|Commissioner of the Chinese Professional Baseball League|
22 July 1998 – 7 March 2002
|Preceded by||Chen Chung-kuang|
Yang Tien-fa (acting)
|Succeeded by||Harvey Tung|
|Chairman of the Chinese Taipei Olympic Committee|
January 1998 – January 2006
|Preceded by||Chang Feng-hsu|
|Succeeded by||Thomas Tsai|
|Minister of the Research, Development and Evaluation Commission|
June 1996 – September 1997
|Preceded by||Wang Jen-huong|
|Succeeded by||Yung Chaur-shin|
|Mayor of Taipei|
2 June 1990 – 25 December 1994
|Preceded by||Wu Po-hsiung|
|Succeeded by||Chen Shui-bian|
|Born||7 February 1936|
Shanhua, Tainan, Taiwan, Empire of Japan
|Alma mater||National Taiwan University|
Huang Ta-chou (Chinese: 黃大洲; pinyin: Huáng Dàzhōu; born 7 February 1936), also known as Thomas Huang, is a Taiwanese politician who served as mayor of Taipei between 1990 and 1994. He chaired the Chinese Taipei Olympic committee from 1998 to 2006.
Huang was born in Shanhua, Tainan in Taiwan, Empire of Japan in 1936. He graduated from National Taiwan University, where Lee Teng-hui was once his instructor. He received his PhD in agriculture from Cornell University in the United States in 1971. After his return to Taiwan, Huang taught at National Taiwan University.
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Later on, Huang also participated in politics. He was admired by Lee Teng-hui, who was helpful throughout Huang's political career. At 1979, Lee was the Mayor of Taipei and appointed him as the mayoral adviser and the Secretary-General of the Research, Development, and Evaluation Commission, Executive Yuan. Two years later, Lee became the chief executive of Taiwan Province, he followed Lee to Taiwan Provincial Government and was appointed the Deputy Secretary-General. He went back to National Taiwan University in 1984 as a professor, before he was appointed the Secretary-General of Taipei City Government in 1987. He became the acting Mayor of Taipei in May 1990, replacing Wu Poh-hsiung. In October, he was appointed Mayor of Taipei by President Lee Teng-hui. During the final year of Huang's term, under the pressure of democratization, the office of mayor became directly elected and Huang is the last Mayor of Taipei to have served via presidential appointment.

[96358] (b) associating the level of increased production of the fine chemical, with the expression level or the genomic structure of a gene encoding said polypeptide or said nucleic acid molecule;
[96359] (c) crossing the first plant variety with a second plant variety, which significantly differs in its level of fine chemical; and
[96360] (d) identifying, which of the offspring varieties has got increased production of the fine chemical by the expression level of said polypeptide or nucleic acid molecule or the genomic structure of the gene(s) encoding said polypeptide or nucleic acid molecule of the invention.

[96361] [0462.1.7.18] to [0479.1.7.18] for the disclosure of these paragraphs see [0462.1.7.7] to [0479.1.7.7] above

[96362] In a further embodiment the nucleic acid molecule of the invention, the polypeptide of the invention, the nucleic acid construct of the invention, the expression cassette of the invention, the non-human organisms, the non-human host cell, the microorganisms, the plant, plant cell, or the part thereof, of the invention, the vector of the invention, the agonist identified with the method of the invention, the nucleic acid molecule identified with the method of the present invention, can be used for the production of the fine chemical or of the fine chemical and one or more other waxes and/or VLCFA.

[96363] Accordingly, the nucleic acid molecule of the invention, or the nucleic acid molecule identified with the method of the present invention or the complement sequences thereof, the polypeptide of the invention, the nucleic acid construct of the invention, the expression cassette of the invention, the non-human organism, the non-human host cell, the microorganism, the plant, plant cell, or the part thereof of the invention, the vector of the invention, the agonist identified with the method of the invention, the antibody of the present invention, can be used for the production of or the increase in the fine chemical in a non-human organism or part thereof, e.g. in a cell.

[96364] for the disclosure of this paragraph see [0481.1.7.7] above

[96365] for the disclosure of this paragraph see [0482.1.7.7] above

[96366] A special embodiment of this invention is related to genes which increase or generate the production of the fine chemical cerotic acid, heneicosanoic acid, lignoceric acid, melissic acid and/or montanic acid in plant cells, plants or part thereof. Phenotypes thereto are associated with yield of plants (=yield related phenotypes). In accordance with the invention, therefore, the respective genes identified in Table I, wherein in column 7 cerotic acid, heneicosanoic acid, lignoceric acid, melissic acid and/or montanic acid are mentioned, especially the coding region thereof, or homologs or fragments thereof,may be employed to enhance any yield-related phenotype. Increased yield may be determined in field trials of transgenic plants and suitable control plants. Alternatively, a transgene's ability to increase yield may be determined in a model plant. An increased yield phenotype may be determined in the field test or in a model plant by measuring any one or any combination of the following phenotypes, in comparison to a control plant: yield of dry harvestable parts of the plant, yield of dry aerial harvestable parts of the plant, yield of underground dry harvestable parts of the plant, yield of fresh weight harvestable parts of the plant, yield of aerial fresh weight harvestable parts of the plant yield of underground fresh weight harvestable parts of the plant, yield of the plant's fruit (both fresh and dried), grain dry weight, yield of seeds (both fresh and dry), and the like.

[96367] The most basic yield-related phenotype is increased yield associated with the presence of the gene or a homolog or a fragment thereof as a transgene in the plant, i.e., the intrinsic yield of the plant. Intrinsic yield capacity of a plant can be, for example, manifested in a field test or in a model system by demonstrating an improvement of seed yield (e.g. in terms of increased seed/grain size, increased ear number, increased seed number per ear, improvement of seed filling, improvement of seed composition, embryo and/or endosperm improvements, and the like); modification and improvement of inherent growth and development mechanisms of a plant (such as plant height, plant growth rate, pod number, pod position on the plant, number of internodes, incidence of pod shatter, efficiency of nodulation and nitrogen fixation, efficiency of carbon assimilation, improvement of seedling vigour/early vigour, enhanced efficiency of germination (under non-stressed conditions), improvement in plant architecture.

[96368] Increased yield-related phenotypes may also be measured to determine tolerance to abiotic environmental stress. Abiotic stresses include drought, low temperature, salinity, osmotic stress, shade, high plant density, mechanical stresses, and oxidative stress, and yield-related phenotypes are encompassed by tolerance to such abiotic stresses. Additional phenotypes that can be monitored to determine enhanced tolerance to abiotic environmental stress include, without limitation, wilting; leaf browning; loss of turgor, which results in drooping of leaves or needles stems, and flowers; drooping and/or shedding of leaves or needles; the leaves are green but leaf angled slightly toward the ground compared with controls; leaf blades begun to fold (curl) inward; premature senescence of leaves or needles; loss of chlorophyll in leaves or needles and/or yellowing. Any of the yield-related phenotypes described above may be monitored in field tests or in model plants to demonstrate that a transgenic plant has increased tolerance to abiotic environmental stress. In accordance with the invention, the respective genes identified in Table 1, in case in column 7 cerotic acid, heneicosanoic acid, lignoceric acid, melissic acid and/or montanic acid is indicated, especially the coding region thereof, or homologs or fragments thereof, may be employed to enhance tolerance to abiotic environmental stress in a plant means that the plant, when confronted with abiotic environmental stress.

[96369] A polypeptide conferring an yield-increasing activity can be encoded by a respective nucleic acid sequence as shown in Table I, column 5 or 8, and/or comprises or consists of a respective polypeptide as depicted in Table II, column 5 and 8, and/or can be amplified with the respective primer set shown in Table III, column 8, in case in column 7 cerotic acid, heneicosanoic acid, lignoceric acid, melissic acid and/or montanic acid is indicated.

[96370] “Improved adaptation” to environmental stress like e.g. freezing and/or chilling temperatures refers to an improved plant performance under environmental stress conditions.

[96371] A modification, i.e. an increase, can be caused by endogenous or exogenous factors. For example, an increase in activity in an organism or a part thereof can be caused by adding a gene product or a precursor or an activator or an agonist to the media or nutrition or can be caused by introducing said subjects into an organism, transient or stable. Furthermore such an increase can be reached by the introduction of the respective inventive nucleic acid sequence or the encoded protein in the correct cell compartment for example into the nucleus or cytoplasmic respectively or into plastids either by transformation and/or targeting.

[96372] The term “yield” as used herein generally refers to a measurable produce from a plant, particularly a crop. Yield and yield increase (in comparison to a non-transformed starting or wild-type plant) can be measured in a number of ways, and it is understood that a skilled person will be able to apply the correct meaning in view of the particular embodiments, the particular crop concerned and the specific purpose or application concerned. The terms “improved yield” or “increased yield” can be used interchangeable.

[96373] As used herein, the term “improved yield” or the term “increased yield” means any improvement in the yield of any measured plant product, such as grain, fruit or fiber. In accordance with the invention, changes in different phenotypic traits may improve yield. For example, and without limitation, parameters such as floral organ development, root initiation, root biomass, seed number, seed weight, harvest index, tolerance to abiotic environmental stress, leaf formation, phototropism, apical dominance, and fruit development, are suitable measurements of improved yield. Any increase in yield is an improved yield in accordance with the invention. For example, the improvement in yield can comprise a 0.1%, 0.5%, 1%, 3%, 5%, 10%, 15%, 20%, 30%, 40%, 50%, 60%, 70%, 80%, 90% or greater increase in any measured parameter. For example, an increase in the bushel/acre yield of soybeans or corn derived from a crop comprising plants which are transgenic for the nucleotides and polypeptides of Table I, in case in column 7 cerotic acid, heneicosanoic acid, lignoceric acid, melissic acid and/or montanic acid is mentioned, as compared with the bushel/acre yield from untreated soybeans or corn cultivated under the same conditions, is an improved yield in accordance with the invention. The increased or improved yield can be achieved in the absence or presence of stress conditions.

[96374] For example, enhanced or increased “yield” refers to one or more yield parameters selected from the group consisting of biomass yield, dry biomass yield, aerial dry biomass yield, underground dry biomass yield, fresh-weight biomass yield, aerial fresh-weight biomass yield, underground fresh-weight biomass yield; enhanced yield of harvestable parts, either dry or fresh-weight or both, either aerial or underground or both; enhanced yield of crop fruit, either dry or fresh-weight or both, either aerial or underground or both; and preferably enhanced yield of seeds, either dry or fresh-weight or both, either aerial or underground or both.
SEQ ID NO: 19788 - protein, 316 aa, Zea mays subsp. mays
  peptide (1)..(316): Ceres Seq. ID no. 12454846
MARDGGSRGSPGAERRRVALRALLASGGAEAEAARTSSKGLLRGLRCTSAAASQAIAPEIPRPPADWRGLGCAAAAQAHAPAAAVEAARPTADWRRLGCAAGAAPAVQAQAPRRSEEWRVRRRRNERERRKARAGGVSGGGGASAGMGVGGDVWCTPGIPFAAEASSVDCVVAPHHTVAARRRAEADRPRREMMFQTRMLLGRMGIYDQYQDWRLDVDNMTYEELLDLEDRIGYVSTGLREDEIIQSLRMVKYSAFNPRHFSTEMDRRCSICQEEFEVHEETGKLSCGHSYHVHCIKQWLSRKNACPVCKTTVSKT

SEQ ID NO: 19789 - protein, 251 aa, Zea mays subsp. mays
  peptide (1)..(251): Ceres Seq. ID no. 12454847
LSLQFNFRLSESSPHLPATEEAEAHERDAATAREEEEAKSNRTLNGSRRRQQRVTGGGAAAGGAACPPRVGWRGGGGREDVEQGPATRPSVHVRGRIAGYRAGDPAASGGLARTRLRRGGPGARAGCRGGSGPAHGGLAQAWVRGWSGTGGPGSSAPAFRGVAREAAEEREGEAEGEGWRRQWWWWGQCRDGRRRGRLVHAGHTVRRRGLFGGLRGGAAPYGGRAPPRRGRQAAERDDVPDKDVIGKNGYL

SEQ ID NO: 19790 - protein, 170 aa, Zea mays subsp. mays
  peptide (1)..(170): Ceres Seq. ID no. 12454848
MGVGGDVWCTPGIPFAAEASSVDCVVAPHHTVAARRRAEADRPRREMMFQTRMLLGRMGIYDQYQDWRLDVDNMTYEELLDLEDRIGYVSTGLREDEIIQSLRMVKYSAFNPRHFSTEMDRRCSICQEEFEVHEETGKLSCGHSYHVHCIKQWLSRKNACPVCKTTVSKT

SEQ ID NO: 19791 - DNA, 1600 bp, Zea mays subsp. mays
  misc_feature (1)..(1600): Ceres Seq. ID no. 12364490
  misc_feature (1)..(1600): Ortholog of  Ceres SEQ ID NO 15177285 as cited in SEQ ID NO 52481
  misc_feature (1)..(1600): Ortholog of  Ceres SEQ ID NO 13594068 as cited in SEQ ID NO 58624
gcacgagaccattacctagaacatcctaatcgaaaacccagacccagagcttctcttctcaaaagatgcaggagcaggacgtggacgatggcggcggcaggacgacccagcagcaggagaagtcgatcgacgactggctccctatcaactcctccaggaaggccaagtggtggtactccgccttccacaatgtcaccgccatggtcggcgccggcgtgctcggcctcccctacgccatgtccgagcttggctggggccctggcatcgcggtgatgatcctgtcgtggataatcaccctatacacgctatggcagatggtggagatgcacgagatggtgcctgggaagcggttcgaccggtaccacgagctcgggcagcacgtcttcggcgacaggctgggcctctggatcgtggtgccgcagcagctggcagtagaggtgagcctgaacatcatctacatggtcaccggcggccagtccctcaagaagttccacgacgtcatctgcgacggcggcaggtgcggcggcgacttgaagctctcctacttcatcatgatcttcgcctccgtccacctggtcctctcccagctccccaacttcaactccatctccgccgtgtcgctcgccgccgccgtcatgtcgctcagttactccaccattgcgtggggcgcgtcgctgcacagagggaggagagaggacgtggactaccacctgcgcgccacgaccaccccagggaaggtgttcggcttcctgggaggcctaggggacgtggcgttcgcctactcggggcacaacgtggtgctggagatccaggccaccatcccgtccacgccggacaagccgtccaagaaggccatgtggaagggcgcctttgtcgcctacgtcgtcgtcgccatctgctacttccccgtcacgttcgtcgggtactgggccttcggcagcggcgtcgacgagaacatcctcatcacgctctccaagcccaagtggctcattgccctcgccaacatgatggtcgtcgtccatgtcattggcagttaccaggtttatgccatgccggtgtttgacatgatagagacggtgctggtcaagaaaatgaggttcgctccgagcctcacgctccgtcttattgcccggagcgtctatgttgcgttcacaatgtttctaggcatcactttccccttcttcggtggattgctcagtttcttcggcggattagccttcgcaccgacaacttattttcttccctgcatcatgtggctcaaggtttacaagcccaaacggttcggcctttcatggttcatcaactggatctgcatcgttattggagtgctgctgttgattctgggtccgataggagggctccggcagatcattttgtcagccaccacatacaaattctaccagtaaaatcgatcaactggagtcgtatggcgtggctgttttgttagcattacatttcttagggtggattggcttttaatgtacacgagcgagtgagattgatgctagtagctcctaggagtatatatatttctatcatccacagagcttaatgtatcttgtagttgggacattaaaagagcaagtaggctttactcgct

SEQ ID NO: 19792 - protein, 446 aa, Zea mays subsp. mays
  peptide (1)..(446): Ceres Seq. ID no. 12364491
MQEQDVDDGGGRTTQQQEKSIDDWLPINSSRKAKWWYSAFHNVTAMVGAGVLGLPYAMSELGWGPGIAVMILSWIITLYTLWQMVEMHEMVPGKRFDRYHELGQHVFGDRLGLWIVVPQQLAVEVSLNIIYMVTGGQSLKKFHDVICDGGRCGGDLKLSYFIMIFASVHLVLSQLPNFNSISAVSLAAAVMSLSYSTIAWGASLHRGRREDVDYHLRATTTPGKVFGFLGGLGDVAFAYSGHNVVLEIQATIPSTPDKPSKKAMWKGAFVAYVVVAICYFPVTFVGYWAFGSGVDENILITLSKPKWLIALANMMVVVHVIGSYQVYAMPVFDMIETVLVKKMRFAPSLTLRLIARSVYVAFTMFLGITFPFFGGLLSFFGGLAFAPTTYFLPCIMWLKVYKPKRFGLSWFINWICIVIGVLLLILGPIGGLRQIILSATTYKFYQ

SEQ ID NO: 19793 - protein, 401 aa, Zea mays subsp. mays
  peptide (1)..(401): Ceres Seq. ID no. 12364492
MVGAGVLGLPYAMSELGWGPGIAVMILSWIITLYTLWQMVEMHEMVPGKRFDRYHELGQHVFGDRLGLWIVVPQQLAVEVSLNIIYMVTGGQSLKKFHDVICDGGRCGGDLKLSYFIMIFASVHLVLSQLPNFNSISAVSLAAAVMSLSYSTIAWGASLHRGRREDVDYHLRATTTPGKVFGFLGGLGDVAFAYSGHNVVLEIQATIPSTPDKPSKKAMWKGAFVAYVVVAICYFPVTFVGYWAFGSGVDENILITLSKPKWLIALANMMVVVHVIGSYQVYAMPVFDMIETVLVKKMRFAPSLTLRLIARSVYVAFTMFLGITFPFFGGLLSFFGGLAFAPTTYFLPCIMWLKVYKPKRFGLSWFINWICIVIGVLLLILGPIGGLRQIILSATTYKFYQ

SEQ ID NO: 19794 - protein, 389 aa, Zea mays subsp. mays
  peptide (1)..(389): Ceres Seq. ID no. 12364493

In the 1994 Taipei mayoral election, Huang received a late nomination from the Kuomintang. Though he secured the party's endorsement and support from Lee, Huang did not win the election. The loss could be partly ascribed to the split between the Kuomintang and Chinese New Party within the Pan-Blue Coalition. Although the entire Pan-Blue Coalition gained more votes, Huang only received 25.89% of the voter turnout, allowing Democratic Progressive Party candidate Chen Shui-bian to be elected in a traditional pro-Chinese unification city and Mainlander stronghold.
|1994 Taipei City Mayoral Election Result|
|Independent||1||Ji Rong-zhi (紀榮治)||3,941||0.28%|
|New Party||2||Jaw Shaw-kong||424,905||30.17%|
|Democratic Progressive Party||3||Chen Shui-bian||615,090||43.67%|| |
After he lost the mayoral election, Huang was appointed the Minister of the Research, Development, and Evaluation Commission in June 1996, and a Minister without Portfolio in 1997.
Discover more about Political career related topics
New Party (Taiwan)
Taiwan Solidarity Union
2000 Taiwanese presidential election
1996 Taiwanese presidential election
2005–06 Taiwanese local elections
2015 Kuomintang chairmanship by-election
- Copper, John Franklin (1998). Taiwan's mid-1990s elections: taking the final steps to democracy. Greenwood Publishing Group. p. 42. ISBN 978-0-275-96207-4.
- "Asian Medal Winners In For Bonanza". New Straits Times. 6 September 2000. Retrieved 26 February 2011.
- Low, Stephanie (22 September 2001). "KMT breaks it off with Lee Teng-hui". Taipei Times. Retrieved 27 June 2016.
- "Huang takes helm at Grand Hotel". China Post. 24 April 2010. Retrieved 27 June 2016.
- "A New Team In Place". Taiwan Today. 1 July 1990. Retrieved 27 June 2016.
- "KMT leaders ask election delay". Taiwan Today/Taiwan Info. 24 June 1994. Archived from the original on 16 August 2016. Retrieved 27 June 2016.
- Yu, Susan (19 August 1994). "KMT names incumbent officials". Taiwan Info. Archived from the original on 16 August 2016. Retrieved 27 June 2016.
- Yu, Susan (25 September 1994). "Parties push themes, target the undecided". Taiwan Today. Archived from the original on 15 September 2016. Retrieved 27 June 2016.
- Sheng, Virginia (21 February 1997). "Parties exchange barbs in Taoyuan County race". Taiwan Today. Archived from the original on 15 September 2016. Retrieved 27 June 2016.
- Copper, John F. (1995). "Taiwan's 1994 Gubernatorial and Mayoral Elections". Asian Affairs. 22 (2): 97–118. doi:10.1080/00927678.1995.9933701. JSTOR 30172242.
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